A woman's place is … not in the Vatican
While Pope Francis says he is in favor of advancing women to leadership roles, he often seems at a loss at how to do so.an City
Jesus and Mary Magdalene (Image: Pixabay)
Each year on July 22, the Catholic Church throughout the world celebrates the Feast of St. Mary Magdalene, "the first witness of the Lord's resurrection and the first evangelist".
But celebrating the woman known as the "Apostle of Apostles" with the exalted rank of "feast" is a very recent development. In fact, it dates only to 2016. That's when Pope Francis decreed that her liturgical commemoration would be elevated from being a mere "memorial".
The Magdalene is currently the only woman, besides the Blessed Virgin Mary, to be accorded a proper feast day — something reserved to the apostles, evangelists and a just a few others.
This may sound insignificant or trivial. But Catholics have always taken seriously the rule lex orandi lex credendi; basically, that our worship mirrors what we believe. And the Church has honored this by ranking the liturgical celebrations according to their importance.
The most highly ranked are solemnities. Then come feasts. And, finally, there are memorials, many of which are optional. So the pope has given new and official prominence to Mary Magdalene, and all women, in the Church.
At least that was his intention with the 2016 decree.
Advancing the role of women in the Church
Pope Francis gets mixed reviews when it comes to his efforts (or lack thereof) to promote women, especially to key posts inside the Vatican.
He often speaks a good game, but his critics charge him with failing to deliver. In September 2014, he raised the hopes of many when he appointed a woman — Comboni Missionary Sister Luiza Premioli, a Brazilian — as a full member of the Congregation for the Evangelization of Peoples.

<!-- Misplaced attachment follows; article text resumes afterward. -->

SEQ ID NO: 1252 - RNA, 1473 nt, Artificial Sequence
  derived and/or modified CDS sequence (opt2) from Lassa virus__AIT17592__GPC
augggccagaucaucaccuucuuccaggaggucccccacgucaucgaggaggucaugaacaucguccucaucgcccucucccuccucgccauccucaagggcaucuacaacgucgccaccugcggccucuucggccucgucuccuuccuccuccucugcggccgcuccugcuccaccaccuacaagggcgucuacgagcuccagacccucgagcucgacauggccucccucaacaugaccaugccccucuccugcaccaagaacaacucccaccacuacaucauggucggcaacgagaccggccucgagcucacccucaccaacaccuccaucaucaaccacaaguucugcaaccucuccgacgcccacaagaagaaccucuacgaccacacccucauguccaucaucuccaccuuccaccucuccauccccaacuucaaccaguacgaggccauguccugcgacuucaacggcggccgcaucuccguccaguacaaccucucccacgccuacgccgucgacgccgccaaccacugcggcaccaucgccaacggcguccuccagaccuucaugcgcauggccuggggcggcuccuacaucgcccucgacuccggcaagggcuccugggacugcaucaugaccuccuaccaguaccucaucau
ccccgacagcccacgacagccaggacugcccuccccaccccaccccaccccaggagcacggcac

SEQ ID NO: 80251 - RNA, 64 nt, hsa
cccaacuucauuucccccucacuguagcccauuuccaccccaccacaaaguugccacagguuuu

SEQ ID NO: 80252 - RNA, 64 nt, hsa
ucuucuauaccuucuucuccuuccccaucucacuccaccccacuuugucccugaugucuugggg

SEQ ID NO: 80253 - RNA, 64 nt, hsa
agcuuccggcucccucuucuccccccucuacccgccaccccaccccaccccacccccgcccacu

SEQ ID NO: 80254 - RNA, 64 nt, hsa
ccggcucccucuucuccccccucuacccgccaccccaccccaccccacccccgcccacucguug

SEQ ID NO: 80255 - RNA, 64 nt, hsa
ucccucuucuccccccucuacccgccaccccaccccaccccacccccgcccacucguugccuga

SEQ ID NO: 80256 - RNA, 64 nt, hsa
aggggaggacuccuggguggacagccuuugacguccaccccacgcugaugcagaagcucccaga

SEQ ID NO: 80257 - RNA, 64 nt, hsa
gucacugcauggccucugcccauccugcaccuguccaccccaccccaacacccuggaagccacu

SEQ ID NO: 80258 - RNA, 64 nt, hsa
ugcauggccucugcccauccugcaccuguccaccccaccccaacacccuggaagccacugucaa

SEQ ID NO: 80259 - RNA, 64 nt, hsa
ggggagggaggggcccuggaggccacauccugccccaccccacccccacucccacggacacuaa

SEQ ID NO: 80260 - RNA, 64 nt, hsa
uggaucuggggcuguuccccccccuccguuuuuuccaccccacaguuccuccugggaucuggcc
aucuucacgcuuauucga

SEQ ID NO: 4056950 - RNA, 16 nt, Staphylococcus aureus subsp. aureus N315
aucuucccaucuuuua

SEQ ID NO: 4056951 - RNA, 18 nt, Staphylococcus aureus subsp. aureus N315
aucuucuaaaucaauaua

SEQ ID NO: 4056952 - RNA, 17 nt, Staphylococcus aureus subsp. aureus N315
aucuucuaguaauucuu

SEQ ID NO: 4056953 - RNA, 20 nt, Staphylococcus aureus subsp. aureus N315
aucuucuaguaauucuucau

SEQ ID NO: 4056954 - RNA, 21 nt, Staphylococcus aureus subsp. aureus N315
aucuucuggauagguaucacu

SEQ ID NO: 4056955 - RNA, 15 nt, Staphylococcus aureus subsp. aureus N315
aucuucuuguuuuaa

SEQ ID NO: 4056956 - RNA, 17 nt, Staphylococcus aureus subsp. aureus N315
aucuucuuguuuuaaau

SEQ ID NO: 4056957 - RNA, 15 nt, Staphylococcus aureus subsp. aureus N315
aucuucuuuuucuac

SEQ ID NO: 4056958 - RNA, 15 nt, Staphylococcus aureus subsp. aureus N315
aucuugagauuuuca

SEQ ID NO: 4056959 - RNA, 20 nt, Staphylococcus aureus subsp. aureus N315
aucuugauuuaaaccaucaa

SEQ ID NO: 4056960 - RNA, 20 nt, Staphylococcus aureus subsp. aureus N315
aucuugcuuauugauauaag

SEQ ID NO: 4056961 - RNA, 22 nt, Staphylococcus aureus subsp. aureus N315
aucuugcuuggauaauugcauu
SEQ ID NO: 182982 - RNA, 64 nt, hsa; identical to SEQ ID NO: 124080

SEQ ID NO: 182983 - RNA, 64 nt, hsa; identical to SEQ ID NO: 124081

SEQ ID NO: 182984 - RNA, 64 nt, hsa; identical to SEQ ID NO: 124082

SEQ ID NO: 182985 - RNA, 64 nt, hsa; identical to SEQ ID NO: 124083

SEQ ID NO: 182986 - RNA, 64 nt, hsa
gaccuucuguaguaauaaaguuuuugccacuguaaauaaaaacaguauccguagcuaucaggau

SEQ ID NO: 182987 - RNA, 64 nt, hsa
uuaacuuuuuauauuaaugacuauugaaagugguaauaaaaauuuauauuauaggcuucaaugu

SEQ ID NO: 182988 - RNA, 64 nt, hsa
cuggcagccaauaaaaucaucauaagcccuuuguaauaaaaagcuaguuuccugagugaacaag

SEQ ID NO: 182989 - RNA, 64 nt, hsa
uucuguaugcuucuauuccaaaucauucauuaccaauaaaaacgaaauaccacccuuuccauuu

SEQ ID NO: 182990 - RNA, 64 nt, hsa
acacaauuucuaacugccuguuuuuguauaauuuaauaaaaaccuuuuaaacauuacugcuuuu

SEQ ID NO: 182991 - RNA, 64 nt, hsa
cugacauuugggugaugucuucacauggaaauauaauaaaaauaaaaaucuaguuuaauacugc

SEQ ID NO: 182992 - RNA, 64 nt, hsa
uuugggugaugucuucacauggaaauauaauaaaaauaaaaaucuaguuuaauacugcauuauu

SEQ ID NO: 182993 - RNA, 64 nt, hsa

This was a big deal and, it seems, a historical first. Up until then, "members" of Roman congregations — who constituted something akin to a board of directors — were always men: cardinals, bishops and sometimes heads of male religious orders.
But months and years went by and hopes evaporated that the appointment of Sister Luiza was the beginning of a trend. In fact, she remained the first and only woman to be a member of a top Vatican office. The move was seen as a one-off.
Moving the ball, inch by inch
Then this past July 8, almost five years later, Francis caused somewhat of a stir when he named seven women to be among the 23 people newly appointed as full members of the Congregation for Institutes of Consecrated Life and Societies of Apostolic Life. Six of these women are superiors general of religious orders, while the seventh heads a secular institute.
Suddenly, the pope had got the ball rolling again. But, surprisingly, it has been traditionalist Catholics — rather than those who describe themselves as reformist or more progressive — who have interpreted this as a major breakthrough for advancing women to decision-making and governance roles inside the Church.
To say the traditionalists are not happy with this development is an understatement. They are outright alarmed. Especially because the move comes as the pope contemplates the final touches he will put to a draft document to reform the Roman Curia.
"What was an exception then [note: the 2014 appointment of Sister Luiza] is now becoming the rule," wrote Sandro Magister, an Italian who has long covered the Vatican beat.
"And it is to be expected that other similar appointments of women will follow in droves," he said.
Droves? Well, that would certainly delight many Catholics.
But is that really likely to happen? Certainly, the signals that are coming from Vatican in this anxious period before the final reform of the Roman Curia is signed, sealed and delivered are, at best, mixed and contradictory.
Setbacks and mixed messages
Just 10 days after the appointment of the seven women as members of the Roman congregation that deals with religious orders, the Vatican announced the appointment of the new, full-time director of the Holy See Press Office.